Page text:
Post-persuasion America

Jeff Deist on 1/1/2021 wrote Welcome to Post-persuation America

Here are some excerpts

… the information age makes us less curious and willing to consider worldviews unlike our own. We have access to virtually all of humanity’s accumulated knowledge and history on devices in our pockets, but the sheer information overload causes us to dig in rather than open up. Anyone who wants to change their mind can find a whole universe of alternative viewpoints online, but very few people do…

Because we can always find media sources which confirm our perspective and biases—and dismiss those which don’t—the notion of politics by argument or consensus is almost entirely lost. And no matter what our political or cultural perspective, there is someone creating content tailored to suit us as stratified consumers. Thus liberals, conservatives, and people of every other ideological stripe live in vastly different digital media worlds, even when they live in close physical proximity.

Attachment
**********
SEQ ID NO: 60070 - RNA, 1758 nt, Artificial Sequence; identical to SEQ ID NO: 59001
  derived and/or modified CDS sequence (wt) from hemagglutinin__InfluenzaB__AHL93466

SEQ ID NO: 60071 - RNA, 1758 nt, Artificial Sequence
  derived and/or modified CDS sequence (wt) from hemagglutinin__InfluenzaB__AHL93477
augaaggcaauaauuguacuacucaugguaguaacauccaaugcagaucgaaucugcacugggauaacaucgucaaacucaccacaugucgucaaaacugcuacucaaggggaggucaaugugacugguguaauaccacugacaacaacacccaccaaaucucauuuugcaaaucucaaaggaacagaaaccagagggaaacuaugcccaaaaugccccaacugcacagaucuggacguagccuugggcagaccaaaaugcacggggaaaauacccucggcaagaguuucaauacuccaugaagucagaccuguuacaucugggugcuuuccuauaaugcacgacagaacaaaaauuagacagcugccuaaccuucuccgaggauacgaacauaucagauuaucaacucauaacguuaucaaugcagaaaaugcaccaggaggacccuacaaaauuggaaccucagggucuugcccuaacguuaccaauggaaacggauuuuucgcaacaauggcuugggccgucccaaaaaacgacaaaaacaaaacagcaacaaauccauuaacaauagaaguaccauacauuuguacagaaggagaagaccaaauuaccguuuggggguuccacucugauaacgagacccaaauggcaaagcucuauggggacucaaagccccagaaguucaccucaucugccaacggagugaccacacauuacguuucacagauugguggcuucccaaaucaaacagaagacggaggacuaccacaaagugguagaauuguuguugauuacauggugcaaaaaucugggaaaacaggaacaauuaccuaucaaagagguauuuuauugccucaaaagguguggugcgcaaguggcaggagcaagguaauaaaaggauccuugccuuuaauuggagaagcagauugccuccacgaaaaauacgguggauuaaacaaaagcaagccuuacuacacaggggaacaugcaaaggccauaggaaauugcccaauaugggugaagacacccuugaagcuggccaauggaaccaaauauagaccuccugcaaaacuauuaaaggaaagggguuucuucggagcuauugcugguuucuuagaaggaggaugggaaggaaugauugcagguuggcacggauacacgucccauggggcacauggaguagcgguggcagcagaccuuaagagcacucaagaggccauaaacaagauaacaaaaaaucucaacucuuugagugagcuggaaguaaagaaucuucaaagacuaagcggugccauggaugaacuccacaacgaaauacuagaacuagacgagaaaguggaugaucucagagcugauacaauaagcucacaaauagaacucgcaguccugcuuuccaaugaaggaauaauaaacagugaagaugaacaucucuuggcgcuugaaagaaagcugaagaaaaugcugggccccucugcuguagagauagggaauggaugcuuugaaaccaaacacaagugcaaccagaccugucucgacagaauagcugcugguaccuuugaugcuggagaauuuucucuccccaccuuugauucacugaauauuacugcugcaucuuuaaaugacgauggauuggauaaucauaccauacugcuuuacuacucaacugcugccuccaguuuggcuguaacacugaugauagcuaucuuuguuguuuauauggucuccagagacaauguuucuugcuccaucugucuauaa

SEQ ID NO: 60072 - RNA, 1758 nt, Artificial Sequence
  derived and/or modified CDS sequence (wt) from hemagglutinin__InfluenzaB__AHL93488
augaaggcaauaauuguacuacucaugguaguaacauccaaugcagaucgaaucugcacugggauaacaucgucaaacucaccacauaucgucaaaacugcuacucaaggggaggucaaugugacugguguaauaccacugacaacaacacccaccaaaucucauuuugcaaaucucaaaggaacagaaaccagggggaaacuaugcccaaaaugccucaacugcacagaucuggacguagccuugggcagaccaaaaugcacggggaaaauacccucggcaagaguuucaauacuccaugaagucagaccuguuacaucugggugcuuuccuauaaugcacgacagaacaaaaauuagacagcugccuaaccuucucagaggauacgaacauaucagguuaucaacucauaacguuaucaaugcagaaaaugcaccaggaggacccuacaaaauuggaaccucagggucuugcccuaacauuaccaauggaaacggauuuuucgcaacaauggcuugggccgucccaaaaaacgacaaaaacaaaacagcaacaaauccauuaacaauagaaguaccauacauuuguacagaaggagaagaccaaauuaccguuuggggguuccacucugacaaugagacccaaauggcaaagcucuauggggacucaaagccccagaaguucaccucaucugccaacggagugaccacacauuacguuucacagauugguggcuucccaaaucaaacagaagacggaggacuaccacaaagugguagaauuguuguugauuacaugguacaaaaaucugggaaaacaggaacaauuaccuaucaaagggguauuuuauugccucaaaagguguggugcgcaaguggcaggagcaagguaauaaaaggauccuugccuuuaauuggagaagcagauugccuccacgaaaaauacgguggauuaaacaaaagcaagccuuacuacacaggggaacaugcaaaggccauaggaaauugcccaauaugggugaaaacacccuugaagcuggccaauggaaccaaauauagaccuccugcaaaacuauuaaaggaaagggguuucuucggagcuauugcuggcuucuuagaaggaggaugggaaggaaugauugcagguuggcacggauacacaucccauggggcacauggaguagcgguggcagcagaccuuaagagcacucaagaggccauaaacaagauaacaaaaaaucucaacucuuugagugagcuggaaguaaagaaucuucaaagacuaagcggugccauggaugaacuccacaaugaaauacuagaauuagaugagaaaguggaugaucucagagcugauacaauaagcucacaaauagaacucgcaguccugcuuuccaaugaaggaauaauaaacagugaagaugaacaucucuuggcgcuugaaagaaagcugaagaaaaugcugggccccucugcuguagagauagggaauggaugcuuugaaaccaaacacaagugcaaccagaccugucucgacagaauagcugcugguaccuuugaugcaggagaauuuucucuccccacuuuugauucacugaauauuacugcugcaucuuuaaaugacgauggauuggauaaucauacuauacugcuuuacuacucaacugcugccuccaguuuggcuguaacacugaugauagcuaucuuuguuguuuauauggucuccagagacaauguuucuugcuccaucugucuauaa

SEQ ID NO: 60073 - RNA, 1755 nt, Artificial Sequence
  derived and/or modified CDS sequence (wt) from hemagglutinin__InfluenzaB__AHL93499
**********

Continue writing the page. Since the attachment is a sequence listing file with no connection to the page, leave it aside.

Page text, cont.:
But because information is so abundant and readily available, it becomes worth less and less. Information is cheap, literally.

For our grandparents, knowledge was analog and came with a price. Gatekeepers, in the form of media, universities, libraries, and bookstores, acted as editors and filters. Walter Cronkite, the most trusted propagandist in America, delivered one version of the news every night. The local newspaper did the same every morning. Even just thirty years ago it was often no easy task, and there was no small cost, to obtain books and literature not easily found in local or university libraries.